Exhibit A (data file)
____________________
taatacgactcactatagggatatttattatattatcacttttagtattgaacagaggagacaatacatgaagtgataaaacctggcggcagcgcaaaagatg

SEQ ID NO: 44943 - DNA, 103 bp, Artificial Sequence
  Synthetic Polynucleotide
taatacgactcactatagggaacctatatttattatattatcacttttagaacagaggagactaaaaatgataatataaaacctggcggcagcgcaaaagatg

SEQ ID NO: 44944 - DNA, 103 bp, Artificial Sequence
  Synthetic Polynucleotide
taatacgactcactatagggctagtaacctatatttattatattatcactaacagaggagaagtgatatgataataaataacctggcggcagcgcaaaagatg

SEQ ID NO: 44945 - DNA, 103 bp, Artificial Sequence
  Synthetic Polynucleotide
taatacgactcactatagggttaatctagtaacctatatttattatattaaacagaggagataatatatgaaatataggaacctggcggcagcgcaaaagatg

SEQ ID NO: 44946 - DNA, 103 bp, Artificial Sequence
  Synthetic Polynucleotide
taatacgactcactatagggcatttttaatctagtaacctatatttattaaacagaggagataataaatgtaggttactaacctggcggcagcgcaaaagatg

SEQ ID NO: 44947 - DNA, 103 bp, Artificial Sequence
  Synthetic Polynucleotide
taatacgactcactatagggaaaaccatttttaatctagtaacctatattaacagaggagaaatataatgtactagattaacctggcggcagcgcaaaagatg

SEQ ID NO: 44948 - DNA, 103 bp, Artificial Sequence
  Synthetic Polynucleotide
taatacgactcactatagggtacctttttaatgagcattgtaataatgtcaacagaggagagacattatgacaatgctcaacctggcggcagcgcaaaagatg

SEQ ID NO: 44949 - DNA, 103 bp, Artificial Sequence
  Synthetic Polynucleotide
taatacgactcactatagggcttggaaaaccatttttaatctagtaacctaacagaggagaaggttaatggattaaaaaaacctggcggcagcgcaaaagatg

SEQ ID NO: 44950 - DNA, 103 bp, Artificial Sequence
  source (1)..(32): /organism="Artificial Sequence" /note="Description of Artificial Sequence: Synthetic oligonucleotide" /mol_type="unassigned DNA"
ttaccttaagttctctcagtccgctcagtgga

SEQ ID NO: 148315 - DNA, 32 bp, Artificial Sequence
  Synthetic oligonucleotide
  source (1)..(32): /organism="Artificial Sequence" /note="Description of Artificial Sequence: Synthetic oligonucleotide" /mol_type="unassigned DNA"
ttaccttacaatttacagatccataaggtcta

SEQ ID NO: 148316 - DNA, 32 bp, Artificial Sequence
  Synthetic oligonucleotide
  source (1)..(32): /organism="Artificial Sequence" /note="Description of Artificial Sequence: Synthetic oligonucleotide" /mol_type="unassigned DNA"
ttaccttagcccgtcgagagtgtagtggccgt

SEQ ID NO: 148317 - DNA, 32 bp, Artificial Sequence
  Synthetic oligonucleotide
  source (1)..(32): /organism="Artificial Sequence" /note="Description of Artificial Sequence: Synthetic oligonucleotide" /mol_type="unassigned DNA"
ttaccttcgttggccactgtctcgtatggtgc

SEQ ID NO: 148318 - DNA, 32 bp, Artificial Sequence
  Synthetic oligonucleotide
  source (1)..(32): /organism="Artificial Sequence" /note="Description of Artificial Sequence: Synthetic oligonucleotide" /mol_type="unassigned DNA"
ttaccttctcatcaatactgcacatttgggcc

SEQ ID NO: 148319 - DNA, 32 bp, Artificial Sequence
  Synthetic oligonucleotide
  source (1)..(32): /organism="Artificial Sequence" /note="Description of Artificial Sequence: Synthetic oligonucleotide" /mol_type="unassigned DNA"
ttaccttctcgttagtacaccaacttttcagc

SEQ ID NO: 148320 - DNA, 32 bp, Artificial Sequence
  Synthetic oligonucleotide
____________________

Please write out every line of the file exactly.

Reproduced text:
taatacgactcactatagggatatttattatattatcacttttagtattgaacagaggagacaatacatgaagtgataaaacctggcggcagcgcaaaagatg

SEQ ID NO: 44943 - DNA, 103 bp, Artificial Sequence
  Synthetic Polynucleotide
taatacgactcactatagggaacctatatttattatattatcacttttagaacagaggagactaaaaatgataatataaaacctggcggcagcgcaaaagatg

SEQ ID NO: 44944 - DNA, 103 bp, Artificial Sequence
  Synthetic Polynucleotide
taatacgactcactatagggctagtaacctatatttattatattatcactaacagaggagaagtgatatgataataaataacctggcggcagcgcaaaagatg

SEQ ID NO: 44945 - DNA, 103 bp, Artificial Sequence
  Synthetic Polynucleotide
taatacgactcactatagggttaatctagtaacctatatttattatattaaacagaggagataatatatgaaatataggaacctggcggcagcgcaaaagatg

SEQ ID NO: 44946 - DNA, 103 bp, Artificial Sequence
  Synthetic Polynucleotide
taatacgactcactatagggcatttttaatctagtaacctatatttattaaacagaggagataataaatgtaggttactaacctggcggcagcgcaaaagatg

SEQ ID NO: 44947 - DNA, 103 bp, Artificial Sequence
  Synthetic Polynucleotide
taatacgactcactatagggaaaaccatttttaatctagtaacctatattaacagaggagaaatataatgtactagattaacctggcggcagcgcaaaagatg

SEQ ID NO: 44948 - DNA, 103 bp, Artificial Sequence
  Synthetic Polynucleotide
taatacgactcactatagggtacctttttaatgagcattgtaataatgtcaacagaggagagacattatgacaatgctcaacctggcggcagcgcaaaagatg

SEQ ID NO: 44949 - DNA, 103 bp, Artificial Sequence
  Synthetic Polynucleotide
taatacgactcactatagggcttggaaaaccatttttaatctagtaacctaacagaggagaaggttaatggattaaaaaaacctggcggcagcgcaaaagatg

SEQ ID NO: 44950 - DNA, 103 bp, Artificial Sequence
  source (1)..(32): /organism="Artificial Sequence" /note="Description of Artificial Sequence: Synthetic oligonucleotide" /mol_type="unassigned DNA"
ttaccttaagttctctcagtccgctcagtgga

SEQ ID NO: 148315 - DNA, 32 bp, Artificial Sequence
  Synthetic oligonucleotide
  source (1)..(32): /organism="Artificial Sequence" /note="Description of Artificial Sequence: Synthetic oligonucleotide" /mol_type="unassigned DNA"
ttaccttacaatttacagatccataaggtcta

SEQ ID NO: 148316 - DNA, 32 bp, Artificial Sequence
  Synthetic oligonucleotide
  source (1)..(32): /organism="Artificial Sequence" /note="Description of Artificial Sequence: Synthetic oligonucleotide" /mol_type="unassigned DNA"
ttaccttagcccgtcgagagtgtagtggccgt

SEQ ID NO: 148317 - DNA, 32 bp, Artificial Sequence
  Synthetic oligonucleotide
  source (1)..(32): /organism="Artificial Sequence" /note="Description of Artificial Sequence: Synthetic oligonucleotide" /mol_type="unassigned DNA"
ttaccttcgttggccactgtctcgtatggtgc

SEQ ID NO: 148318 - DNA, 32 bp, Artificial Sequence
  Synthetic oligonucleotide
  source (1)..(32): /organism="Artificial Sequence" /note="Description of Artificial Sequence: Synthetic oligonucleotide" /mol_type="unassigned DNA"
ttaccttctcatcaatactgcacatttgggcc

SEQ ID NO: 148319 - DNA, 32 bp, Artificial Sequence
  Synthetic oligonucleotide
  source (1)..(32): /organism="Artificial Sequence" /note="Description of Artificial Sequence: Synthetic oligonucleotide" /mol_type="unassigned DNA"
ttaccttctcgttagtacaccaacttttcagc

SEQ ID NO: 148320 - DNA, 32 bp, Artificial Sequence
  Synthetic oligonucleotide